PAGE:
A copper mine site already had an extensive condition monitoring program in place. We went through their oil analysis reports regularly, sitting down with them and going through the possible faults.
Every mine site has several critical machines. On this site, the most critical was the semi-autogenous grinding (SAG) mill, which runs 24/7 with a full load. At the moment, because the life of the mine is limited, they are running at full production, occasionally overloading the mill. When the mill stops, the production cannot be recovered, and it is the only mill on the site.
The gearbox has been replaced several times in the past due to bearing and gear failures, so the mine wanted this piece of equipment to be monitored carefully to avoid expensive unexpected failures during the short time remaining for the mine.
Though we never failed to detect actual failures, there were other things going on: overheating, noise, etc. When those issues arose, we were called to the mine regularly (sometimes every second day) to check the equipment. Of course, this would happen at the most inconvenient times (holidays, weekends, when production was critical, etc.). This was expensive, and there was no guarantee someone would always be available to go. Therefore, the decision was made to install a permanent on-line monitoring system on the SAG mill.
We installed a monitoring system called KITE. It can manage various conditions and measure at different load speeds and in different directions. The mill is a fixed-speed machine, so we didn’t need any special inputs. The speed sensor was there to tell us if the mill had shut down. KITE is good with low-speed shaft monitoring, as it was primarily designed for wind turbines and is capable of producing data for slow-speed rotating equipment.
The monitoring system sits next to the electrical box of the mill and feeds the signal to the software, where we can view the data and give it to the customer. If an alarm is raised, we get an email or SMS notification. We got a lot of them initially because we had set the alarms low, but we then set them a bit higher.
Initially, we only monitored the gearbox, and five sensors gave us all the signals we needed to measure gear mesh, bearings, etc. We later added three sensors to the motor (NDE horizontal and axial; DE horizontal). These were the locations of the five sensors on the gearbox: input DE horizontal and axial, input NDE horizontal (this is the bearing that often failed), intermediate NDE horizontal, and output DE horizontal. We also added a sensor to the pinion DE because there was an early fault in it we wanted to monitor. On the trunnion bearings, we added sensors with 500 mV/g. There was also a speed sensor to collect data only when the mill was running, but it became useful in letting us know when the mill shut down and what was going on then.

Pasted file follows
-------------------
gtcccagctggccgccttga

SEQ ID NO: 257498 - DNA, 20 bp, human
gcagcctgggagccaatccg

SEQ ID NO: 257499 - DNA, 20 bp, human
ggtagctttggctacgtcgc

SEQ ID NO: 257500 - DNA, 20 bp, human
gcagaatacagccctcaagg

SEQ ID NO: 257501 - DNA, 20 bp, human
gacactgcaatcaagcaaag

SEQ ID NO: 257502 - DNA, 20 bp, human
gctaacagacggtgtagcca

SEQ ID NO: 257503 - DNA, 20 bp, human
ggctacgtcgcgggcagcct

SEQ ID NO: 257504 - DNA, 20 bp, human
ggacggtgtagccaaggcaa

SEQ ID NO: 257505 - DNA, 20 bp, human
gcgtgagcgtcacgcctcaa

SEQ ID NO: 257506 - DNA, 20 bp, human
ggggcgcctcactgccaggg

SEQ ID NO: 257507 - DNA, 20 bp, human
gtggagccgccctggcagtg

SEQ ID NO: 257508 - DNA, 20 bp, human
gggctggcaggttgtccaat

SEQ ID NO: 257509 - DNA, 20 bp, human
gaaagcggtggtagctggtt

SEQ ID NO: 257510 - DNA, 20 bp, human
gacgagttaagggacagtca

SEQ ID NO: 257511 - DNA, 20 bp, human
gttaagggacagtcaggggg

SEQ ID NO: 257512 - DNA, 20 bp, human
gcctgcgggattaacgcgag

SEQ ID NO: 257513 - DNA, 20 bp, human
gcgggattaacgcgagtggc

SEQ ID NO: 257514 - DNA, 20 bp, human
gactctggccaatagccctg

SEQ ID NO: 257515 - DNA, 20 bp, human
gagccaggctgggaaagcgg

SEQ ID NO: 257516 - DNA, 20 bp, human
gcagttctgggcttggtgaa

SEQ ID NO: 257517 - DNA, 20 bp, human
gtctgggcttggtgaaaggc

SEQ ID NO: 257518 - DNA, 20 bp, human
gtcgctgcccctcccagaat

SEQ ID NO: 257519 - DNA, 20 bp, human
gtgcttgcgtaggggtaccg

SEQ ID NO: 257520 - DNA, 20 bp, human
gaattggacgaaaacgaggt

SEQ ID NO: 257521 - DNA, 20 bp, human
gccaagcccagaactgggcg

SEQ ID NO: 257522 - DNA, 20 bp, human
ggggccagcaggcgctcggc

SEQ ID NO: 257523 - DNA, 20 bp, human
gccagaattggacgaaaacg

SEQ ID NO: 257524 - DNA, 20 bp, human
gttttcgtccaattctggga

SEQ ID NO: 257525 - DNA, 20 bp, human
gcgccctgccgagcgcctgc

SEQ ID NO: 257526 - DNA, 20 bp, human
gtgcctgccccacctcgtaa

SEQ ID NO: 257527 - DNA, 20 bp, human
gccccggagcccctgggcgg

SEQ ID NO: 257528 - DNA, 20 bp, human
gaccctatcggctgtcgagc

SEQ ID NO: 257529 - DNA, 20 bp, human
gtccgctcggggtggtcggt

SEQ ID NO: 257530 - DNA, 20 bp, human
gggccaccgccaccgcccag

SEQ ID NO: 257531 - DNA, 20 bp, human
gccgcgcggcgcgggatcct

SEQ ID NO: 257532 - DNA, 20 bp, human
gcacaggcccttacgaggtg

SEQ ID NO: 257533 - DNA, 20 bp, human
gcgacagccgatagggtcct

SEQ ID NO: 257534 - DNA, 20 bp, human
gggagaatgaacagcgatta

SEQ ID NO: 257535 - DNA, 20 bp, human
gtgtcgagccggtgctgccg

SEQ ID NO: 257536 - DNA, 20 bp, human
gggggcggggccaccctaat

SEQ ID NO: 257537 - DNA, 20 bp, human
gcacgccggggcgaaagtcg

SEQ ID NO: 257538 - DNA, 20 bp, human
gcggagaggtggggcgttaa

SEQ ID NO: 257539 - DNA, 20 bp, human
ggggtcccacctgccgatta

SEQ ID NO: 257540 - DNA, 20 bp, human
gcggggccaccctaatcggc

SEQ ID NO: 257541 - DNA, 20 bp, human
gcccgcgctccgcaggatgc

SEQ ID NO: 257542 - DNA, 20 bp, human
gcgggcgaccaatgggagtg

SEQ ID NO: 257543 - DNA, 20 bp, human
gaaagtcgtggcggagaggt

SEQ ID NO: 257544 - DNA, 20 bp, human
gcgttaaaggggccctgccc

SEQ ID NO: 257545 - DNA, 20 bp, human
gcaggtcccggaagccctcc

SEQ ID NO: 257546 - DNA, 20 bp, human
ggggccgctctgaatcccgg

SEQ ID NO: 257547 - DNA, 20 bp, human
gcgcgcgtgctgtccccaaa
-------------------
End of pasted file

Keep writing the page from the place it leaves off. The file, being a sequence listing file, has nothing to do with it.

We installed the system on January 25, 2019. In March of that year, we detected a gearbox bearing fault; in April, a motor bearing fault just after replacement of the gearbox; and in August, a gearbox bearing failure.
For the first bearing failure, we received an alarm on March 13. The main indication was the bearing defect factor (DEF). There was also an increase in acceleration levels; however, the increase level was much slower compared to the DEF. The two combined clearly indicated a bearing fault.
The spectra showed a clear bearing fault. The energy hump around 10 kHz was the first change in pattern. The modulation was typical for a bearing fault, and the sidebands were at the BPFI.
The inner race of the input shaft NDE bearing showed damage and cracks.
After they replaced the gearbox and bearings, on April 24, we received an alarm, although I didn’t think it was possible for something to be wrong already. Both the DEF and acceleration levels on the motor NDE showed a jump change. The levels were much higher than those previously experienced on the gearbox, especially the acceleration. We didn’t hesitate to recommend a replacement ASAP.
The spectral pattern was similar to the gearbox failure pattern, and it clearly showed an inner race fault with sidebands. This was a familiar pattern to us, and we immediately suggested the replacement.
The mill was shut down and the bearing replaced on May 7, about two weeks after the fault was detected. It had deteriorated significantly by that time.
Interestingly, on April 14 (surveys were taken every six weeks), no faults were detected. The spectra were normal. If we hadn’t been using the on-line system, who knows what could have happened? Perhaps someone would have heard the bearing making noise, or the bearing could have failed unexpectedly between surveys.
The bearing showed advanced damage on the inner race.
Nothing happened between April and August, but we received another alarm on August 5. Both the DEF and acceleration levels on the gearbox input shaft NDE bearing showed increase. These were the same indicators we’d seen previously, so the bearing was quickly replaced.
In conclusion, routine vibration analysis surveys are still a good and reliable tool to support predictive maintenance. However, for critical equipment, on-line monitoring is the best way to ensure faults are detected as soon as they occur. We have detected increased impacting, acceleration, lack of lubrication, looseness, etc., and have been able to prevent premature failures in this way. With an early warning, replacements can be planned well in advance, with minimum production losses and maintenance costs.